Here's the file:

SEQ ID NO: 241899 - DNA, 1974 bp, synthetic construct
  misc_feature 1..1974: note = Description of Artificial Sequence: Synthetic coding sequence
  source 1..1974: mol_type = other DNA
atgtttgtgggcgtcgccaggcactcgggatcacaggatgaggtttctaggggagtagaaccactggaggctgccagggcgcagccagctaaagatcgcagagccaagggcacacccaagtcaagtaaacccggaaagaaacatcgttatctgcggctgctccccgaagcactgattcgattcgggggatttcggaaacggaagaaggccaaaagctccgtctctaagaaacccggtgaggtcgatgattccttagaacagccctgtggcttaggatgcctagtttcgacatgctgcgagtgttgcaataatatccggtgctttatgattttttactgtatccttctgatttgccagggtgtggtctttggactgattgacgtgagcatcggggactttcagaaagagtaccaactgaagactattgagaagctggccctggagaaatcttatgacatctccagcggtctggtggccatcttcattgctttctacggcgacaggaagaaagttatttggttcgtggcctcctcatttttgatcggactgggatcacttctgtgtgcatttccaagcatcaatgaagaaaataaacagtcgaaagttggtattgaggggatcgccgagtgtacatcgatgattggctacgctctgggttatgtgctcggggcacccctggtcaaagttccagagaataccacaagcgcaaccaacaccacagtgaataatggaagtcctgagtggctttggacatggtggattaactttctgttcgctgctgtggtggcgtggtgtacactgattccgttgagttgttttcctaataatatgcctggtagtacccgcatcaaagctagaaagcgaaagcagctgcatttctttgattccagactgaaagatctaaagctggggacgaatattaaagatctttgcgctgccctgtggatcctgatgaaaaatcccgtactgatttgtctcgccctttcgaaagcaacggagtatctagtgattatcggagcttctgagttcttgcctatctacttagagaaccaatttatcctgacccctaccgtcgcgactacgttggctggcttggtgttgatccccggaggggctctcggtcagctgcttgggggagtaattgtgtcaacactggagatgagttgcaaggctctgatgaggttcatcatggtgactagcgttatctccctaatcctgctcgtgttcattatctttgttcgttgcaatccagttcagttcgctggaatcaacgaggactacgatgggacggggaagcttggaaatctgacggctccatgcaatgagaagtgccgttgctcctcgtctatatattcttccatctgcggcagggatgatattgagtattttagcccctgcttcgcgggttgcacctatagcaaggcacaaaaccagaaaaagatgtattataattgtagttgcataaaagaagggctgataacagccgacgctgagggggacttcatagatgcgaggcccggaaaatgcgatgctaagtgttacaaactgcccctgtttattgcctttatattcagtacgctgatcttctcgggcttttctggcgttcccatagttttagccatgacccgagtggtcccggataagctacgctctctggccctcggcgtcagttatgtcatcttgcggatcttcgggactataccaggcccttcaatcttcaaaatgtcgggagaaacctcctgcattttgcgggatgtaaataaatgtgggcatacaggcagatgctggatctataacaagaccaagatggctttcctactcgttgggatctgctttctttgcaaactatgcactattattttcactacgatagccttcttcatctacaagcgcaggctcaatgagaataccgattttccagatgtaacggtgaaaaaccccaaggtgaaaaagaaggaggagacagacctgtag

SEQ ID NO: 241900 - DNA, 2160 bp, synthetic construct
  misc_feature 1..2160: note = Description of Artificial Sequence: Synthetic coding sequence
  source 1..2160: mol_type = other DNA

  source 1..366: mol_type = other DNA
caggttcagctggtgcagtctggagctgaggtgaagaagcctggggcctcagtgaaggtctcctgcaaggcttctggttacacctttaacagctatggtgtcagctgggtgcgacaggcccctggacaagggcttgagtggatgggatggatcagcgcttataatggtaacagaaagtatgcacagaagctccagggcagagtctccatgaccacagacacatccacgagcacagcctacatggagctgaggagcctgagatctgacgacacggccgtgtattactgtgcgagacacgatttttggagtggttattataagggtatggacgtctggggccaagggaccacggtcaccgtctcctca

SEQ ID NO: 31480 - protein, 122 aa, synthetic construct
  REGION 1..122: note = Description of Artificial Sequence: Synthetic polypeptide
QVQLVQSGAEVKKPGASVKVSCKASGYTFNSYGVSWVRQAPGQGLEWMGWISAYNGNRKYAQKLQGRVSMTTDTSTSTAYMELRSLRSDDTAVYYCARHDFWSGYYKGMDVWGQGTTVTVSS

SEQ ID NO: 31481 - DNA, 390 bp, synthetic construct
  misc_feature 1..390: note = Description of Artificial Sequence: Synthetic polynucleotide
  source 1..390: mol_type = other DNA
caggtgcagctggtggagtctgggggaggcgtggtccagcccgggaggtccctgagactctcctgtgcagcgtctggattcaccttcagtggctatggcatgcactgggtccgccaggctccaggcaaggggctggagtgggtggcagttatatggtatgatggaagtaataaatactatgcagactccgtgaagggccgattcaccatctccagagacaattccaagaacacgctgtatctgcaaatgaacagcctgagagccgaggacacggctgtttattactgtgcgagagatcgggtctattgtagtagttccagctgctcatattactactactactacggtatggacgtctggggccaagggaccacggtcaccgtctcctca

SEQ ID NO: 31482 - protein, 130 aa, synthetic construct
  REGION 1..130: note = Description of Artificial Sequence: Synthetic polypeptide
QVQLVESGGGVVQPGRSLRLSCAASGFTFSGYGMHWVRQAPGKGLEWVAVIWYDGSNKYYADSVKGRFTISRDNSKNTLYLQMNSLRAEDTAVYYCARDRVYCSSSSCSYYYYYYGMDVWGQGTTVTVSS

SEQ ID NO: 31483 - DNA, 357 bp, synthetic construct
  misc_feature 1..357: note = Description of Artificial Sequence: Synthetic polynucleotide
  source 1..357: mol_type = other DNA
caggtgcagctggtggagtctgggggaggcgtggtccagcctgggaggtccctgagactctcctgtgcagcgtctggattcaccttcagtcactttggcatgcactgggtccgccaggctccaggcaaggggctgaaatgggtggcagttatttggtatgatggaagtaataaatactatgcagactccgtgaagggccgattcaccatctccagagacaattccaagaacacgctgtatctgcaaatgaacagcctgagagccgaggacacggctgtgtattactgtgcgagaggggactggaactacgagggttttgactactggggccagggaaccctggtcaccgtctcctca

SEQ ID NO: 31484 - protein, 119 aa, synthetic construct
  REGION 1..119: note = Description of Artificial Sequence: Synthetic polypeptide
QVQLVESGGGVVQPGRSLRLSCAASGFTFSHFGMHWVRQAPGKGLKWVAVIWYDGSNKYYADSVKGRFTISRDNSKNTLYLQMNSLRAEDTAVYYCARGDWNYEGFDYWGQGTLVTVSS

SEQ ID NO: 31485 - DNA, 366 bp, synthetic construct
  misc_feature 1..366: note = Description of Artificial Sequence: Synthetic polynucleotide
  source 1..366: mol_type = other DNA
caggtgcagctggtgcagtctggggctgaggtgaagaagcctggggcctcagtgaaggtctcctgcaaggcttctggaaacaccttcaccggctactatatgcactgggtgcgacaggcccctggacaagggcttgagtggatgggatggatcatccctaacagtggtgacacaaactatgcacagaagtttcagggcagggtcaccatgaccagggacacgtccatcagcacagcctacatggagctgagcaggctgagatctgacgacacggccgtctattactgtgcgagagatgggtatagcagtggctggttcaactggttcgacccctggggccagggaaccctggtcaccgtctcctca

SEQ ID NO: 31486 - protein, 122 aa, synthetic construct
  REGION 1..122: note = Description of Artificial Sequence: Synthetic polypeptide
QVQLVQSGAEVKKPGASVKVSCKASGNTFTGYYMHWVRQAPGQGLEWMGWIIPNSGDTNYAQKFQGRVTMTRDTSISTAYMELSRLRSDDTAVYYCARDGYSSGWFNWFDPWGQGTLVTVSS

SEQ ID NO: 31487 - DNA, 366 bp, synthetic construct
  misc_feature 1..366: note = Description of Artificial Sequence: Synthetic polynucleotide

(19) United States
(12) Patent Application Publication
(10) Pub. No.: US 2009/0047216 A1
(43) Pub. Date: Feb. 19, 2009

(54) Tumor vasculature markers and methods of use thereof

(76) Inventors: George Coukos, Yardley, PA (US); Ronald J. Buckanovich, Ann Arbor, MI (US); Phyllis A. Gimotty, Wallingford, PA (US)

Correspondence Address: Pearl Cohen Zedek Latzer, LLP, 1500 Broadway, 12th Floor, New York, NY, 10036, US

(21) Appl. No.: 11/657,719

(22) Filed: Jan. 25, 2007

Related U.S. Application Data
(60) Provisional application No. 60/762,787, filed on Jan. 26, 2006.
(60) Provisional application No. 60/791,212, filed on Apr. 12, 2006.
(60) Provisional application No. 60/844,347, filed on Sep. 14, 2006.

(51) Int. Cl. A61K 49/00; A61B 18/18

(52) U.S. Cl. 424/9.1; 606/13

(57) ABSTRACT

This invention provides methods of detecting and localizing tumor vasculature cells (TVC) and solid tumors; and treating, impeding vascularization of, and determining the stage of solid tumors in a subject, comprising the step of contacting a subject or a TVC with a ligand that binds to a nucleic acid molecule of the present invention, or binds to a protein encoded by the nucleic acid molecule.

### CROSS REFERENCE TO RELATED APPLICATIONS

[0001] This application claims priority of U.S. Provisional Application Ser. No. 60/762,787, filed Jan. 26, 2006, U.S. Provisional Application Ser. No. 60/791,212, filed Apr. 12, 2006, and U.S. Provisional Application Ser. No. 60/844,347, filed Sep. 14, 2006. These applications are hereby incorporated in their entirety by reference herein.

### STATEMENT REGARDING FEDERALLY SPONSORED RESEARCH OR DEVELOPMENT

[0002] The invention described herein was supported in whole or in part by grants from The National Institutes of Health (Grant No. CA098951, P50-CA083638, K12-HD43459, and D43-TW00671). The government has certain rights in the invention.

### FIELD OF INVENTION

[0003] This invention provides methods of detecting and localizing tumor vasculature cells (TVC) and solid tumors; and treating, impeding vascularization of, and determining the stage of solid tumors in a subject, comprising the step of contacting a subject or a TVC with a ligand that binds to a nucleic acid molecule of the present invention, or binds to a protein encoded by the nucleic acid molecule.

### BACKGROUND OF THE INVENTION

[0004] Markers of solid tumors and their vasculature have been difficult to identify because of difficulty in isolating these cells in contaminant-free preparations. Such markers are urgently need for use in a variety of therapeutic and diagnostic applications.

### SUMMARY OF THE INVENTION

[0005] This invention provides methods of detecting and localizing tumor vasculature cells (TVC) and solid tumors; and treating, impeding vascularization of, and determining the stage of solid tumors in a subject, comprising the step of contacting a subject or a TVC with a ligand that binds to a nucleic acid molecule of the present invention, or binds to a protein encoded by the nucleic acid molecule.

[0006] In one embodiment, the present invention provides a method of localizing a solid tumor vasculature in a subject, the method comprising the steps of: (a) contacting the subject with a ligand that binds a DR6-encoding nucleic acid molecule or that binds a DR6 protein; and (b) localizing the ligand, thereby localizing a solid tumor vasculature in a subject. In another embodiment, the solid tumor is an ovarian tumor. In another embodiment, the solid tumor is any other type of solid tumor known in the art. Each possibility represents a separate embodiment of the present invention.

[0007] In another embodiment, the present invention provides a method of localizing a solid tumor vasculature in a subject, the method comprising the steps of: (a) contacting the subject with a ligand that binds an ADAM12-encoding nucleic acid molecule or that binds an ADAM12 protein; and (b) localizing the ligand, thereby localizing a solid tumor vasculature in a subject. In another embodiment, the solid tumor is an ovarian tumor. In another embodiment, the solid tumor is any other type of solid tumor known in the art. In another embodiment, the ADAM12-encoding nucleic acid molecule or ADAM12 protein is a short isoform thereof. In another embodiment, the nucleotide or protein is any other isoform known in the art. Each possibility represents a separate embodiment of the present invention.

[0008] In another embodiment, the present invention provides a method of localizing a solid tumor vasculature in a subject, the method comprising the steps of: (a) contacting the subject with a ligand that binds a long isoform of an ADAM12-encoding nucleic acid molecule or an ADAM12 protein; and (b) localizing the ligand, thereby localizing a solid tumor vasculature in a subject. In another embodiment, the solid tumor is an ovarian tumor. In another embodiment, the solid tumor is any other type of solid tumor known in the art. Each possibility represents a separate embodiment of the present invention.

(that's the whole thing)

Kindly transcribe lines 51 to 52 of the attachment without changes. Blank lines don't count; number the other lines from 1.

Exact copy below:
(57) ABSTRACT

This invention provides methods of detecting and localizing tumor vasculature cells (TVC) and solid tumors; and treating, impeding vascularization of, and determining the stage of solid tumors in a subject, comprising the step of contacting a subject or a TVC with a ligand that binds to a nucleic acid molecule of the present invention, or binds to a protein encoded by the nucleic acid molecule.